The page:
Category Archives: #covid19

Biking for RBG

When Ruth Bader Ginsburg, the legal pioneer for gender equality and the second woman to serve on the Supreme Court, died just before sundown on Rosh Hashanah, I shared the country’s grief. What could I do to honor this gutsy, determined, badass woman? How could we continue her legacy in light of what we knew as the inevitability of her replacement with a woman who appeared to be the antithesis of whom NPR called a “demure firebrand?”

Writing an article that was published by The Jewish World (“RBG’s death alarms and saddens Marilyn as she hopes for a better world.” 10/22/2020) helped me, but could I do more? 

A few days later, a friend shared a link to a website that offered a way to honor the feminist icon. Run for Ruth was billed a virtual event to “celebrate the life of Ruth Bader Ginsburg and her dedication to equality for all no matter where we are right now.” Participants could run, jog, walk, or, as I later earned, even swim to reach a total 87 miles —the number that reflected RBG’s age when she passed away. In addition, one could choose to donate to several charities earmarked as those representing RBG’s legacy through their support of women’s rights and empowerment.

The $29 entrance fee entitled each participant to a tee shirt with a picture of RBG wearing a crown; a digital race bib; and a finisher’s medal. It also gave one access to a website which one could put in individual mileage, compare results with others involved, and even print out a virtual bib. The guidelines said that  a minimum of 30% of registration proceeds would go to charity.

With visions of RBG smiling down from heaven, I sent in my online registration fee; donated money to Planned Parenthood, one of the charity options; and logged in for my first virtual entry–the 20 mile bike ride I took the day after Rosh Hashanah and two days after her passing.

No matter how or with whom I would put in the miles, I knew from Day One that I could not make my goal just 87 miles. Since the pandemic had hit, I had swapped fitness classes for 7 a.m., swims in an outdoor pool and, accompanied by my husband Larry, long walks and longer bike rides. I had already put 1000 miles on my bike’s cyclometer. Based on this knowledge, I set my personal goal for 870 miles by  the January 31, 202, deadline.

About four weeks and 230 miles later, I received the Run for Ruth race packet in the mail. The finisher’s medal, a large metal medallion on a striped ribbon, was pretty impressive but, in my eyes, pretty useless. I couldn’t see when I would wear it and put it aside to give to my five year old granddaughter.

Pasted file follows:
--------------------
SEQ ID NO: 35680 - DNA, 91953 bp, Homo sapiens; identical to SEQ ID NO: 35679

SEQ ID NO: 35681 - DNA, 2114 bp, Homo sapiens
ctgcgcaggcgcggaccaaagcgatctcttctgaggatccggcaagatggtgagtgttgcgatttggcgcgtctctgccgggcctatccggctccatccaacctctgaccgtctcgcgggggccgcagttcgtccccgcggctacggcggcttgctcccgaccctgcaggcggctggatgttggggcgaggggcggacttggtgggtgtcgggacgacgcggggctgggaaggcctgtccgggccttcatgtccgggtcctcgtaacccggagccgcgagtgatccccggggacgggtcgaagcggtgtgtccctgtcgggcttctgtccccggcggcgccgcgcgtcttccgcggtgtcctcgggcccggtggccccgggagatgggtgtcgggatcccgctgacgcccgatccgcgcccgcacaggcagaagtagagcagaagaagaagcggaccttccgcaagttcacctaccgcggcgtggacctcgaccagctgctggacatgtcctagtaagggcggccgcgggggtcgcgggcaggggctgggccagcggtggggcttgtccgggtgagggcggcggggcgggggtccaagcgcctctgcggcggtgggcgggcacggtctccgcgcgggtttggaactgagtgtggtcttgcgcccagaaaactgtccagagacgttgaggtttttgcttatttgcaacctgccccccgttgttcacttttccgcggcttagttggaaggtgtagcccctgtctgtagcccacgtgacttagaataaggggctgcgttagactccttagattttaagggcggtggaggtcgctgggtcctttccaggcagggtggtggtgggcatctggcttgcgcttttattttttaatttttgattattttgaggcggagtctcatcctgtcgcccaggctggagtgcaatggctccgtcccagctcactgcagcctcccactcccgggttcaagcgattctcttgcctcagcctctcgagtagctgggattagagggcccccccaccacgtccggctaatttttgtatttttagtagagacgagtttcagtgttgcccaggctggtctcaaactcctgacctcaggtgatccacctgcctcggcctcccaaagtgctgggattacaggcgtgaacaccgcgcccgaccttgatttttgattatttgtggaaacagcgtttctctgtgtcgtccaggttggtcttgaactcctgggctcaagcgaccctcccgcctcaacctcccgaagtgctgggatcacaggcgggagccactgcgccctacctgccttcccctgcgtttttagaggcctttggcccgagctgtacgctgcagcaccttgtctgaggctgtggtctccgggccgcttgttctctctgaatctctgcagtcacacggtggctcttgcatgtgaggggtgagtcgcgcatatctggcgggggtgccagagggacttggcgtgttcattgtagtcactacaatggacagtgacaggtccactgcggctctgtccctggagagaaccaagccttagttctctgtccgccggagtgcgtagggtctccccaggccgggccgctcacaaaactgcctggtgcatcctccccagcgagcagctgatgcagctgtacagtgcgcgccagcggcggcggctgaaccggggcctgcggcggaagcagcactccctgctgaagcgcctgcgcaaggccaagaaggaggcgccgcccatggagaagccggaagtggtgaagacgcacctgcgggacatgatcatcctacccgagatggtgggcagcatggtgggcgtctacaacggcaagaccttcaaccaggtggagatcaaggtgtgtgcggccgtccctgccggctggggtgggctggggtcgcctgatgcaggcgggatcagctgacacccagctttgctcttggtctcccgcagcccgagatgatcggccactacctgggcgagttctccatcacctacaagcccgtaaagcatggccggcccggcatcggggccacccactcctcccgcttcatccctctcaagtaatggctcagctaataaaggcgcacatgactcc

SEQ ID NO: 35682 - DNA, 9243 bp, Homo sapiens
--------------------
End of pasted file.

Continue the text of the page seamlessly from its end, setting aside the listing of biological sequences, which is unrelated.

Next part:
The bigger disappointment was the tee shirt. I had ordered an adult size large, but fit like a child’s medium. I couldn’t even get it over my head. I gave it to my petite niece and found an even cooler RBG shirt on Etsey for myself. 

Now that the focus was off the perks, it was time for me to put my pedal to the metal. Larry was a great biking partner, pumping air into our bike tires as needed, mapping out routes that avoided traffic, and scheduling hydration stops along the way. Our two hour walks were filled with conversations about  the family, politics, books, and movies. 

By the middle of October, I was fully invested in what I now called my “Bike for Ruth.” We were averaging over 19 miles on our bikes and over 5 miles on our walks, along with one or two of my solo swims. Each day, I recorded my progress on the website and checked my results compared to fellow participants. 

Amazingly, 1376 people ranging in age from 5 to 81 from had signed up for the biking event. Predictably, many had not gone more than a few miles before dropping out. (Hope their tee shirts fit better than mine!). A couple of hundred had reached their goal of 87 and were done. But there were hundreds more who were still cycling along.

The results page not only gave names, miles, ages, hours expended, and home town but it also listed rankings. And guess who was in the top 60 and climbing! Not only was I moving up the chart, but I was one of the oldest riders.

True, I had several factors in my favor. Others were dealing with snow and school and jobs and the pandemic, forget about hills! Mrs.-Retired-in-Flat-Florida could pedal and walk and even swim to her heart’s content. And I had the spirit of RBG urging me on. I was getting closer and closer to my goal of 870.

One day, however, I noticed a fellow Floridian had slipped into the top 25. One entry. One day. 1067 miles. And this person was 75 years old! Impossible!

I decided the best way to handle what I considered an unacceptable entry is that could ride more miles.  I upped my personal goal from 870 to at least 1068. 

By this time, it was mid-December, and Larry was getting concerned. Florida was experiencing its winter, and it had turned colder, windier, and even rainier. Could we speed this process up, maybe get done by January 1?

We both pulled the Smart Wools, gloves, and nano-puff jackets we usually reserve for our trips to Colorado and soldiered on. I hit 870 on December 21 and 1068—Take That, 1067-in-One-Day— on January 4. 

At this point, Larry said that I was on my own. I cranked out another 300 miles and hit 1367 miles on the last day of the challenge. I finished in 10th place out of 1376, with the next person close to my age in 56th place.